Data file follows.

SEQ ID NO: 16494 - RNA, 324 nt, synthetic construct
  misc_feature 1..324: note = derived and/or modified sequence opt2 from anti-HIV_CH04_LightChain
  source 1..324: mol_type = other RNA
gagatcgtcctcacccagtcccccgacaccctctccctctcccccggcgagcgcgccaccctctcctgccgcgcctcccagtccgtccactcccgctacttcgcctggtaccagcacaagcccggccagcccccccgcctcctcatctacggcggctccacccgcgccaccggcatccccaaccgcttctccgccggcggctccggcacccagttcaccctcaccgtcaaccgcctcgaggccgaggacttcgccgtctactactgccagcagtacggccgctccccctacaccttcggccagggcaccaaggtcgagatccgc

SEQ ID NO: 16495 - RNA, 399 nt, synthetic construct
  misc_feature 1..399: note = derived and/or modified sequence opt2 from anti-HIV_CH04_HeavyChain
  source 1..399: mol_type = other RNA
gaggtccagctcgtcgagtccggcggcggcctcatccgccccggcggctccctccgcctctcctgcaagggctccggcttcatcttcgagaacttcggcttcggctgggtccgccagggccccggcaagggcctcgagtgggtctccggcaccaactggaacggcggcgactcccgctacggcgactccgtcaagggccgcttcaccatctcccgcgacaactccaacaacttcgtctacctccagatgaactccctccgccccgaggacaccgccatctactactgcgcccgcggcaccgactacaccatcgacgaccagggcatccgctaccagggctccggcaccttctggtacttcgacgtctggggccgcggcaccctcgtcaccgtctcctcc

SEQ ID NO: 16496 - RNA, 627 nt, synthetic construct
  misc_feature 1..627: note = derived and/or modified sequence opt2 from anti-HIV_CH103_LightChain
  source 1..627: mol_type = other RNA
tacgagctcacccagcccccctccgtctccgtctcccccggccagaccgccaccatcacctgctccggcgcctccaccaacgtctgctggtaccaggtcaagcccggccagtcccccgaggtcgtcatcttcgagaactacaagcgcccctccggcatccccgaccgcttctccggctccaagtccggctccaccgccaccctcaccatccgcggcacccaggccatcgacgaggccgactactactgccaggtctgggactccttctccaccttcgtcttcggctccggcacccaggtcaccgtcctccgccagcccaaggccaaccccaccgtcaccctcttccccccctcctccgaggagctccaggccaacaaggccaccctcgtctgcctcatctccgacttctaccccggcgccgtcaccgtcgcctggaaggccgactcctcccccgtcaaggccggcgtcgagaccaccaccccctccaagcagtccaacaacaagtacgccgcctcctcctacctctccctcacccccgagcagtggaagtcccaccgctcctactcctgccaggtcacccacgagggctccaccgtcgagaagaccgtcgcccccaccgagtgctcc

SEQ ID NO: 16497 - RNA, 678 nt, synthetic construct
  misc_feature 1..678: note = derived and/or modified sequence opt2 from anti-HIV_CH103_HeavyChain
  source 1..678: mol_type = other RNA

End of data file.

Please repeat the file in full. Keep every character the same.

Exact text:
SEQ ID NO: 16494 - RNA, 324 nt, synthetic construct
  misc_feature 1..324: note = derived and/or modified sequence opt2 from anti-HIV_CH04_LightChain
  source 1..324: mol_type = other RNA
gagatcgtcctcacccagtcccccgacaccctctccctctcccccggcgagcgcgccaccctctcctgccgcgcctcccagtccgtccactcccgctacttcgcctggtaccagcacaagcccggccagcccccccgcctcctcatctacggcggctccacccgcgccaccggcatccccaaccgcttctccgccggcggctccggcacccagttcaccctcaccgtcaaccgcctcgaggccgaggacttcgccgtctactactgccagcagtacggccgctccccctacaccttcggccagggcaccaaggtcgagatccgc

SEQ ID NO: 16495 - RNA, 399 nt, synthetic construct
  misc_feature 1..399: note = derived and/or modified sequence opt2 from anti-HIV_CH04_HeavyChain
  source 1..399: mol_type = other RNA
gaggtccagctcgtcgagtccggcggcggcctcatccgccccggcggctccctccgcctctcctgcaagggctccggcttcatcttcgagaacttcggcttcggctgggtccgccagggccccggcaagggcctcgagtgggtctccggcaccaactggaacggcggcgactcccgctacggcgactccgtcaagggccgcttcaccatctcccgcgacaactccaacaacttcgtctacctccagatgaactccctccgccccgaggacaccgccatctactactgcgcccgcggcaccgactacaccatcgacgaccagggcatccgctaccagggctccggcaccttctggtacttcgacgtctggggccgcggcaccctcgtcaccgtctcctcc

SEQ ID NO: 16496 - RNA, 627 nt, synthetic construct
  misc_feature 1..627: note = derived and/or modified sequence opt2 from anti-HIV_CH103_LightChain
  source 1..627: mol_type = other RNA
tacgagctcacccagcccccctccgtctccgtctcccccggccagaccgccaccatcacctgctccggcgcctccaccaacgtctgctggtaccaggtcaagcccggccagtcccccgaggtcgtcatcttcgagaactacaagcgcccctccggcatccccgaccgcttctccggctccaagtccggctccaccgccaccctcaccatccgcggcacccaggccatcgacgaggccgactactactgccaggtctgggactccttctccaccttcgtcttcggctccggcacccaggtcaccgtcctccgccagcccaaggccaaccccaccgtcaccctcttccccccctcctccgaggagctccaggccaacaaggccaccctcgtctgcctcatctccgacttctaccccggcgccgtcaccgtcgcctggaaggccgactcctcccccgtcaaggccggcgtcgagaccaccaccccctccaagcagtccaacaacaagtacgccgcctcctcctacctctccctcacccccgagcagtggaagtcccaccgctcctactcctgccaggtcacccacgagggctccaccgtcgagaagaccgtcgcccccaccgagtgctcc

SEQ ID NO: 16497 - RNA, 678 nt, synthetic construct
  misc_feature 1..678: note = derived and/or modified sequence opt2 from anti-HIV_CH103_HeavyChain
  source 1..678: mol_type = other RNA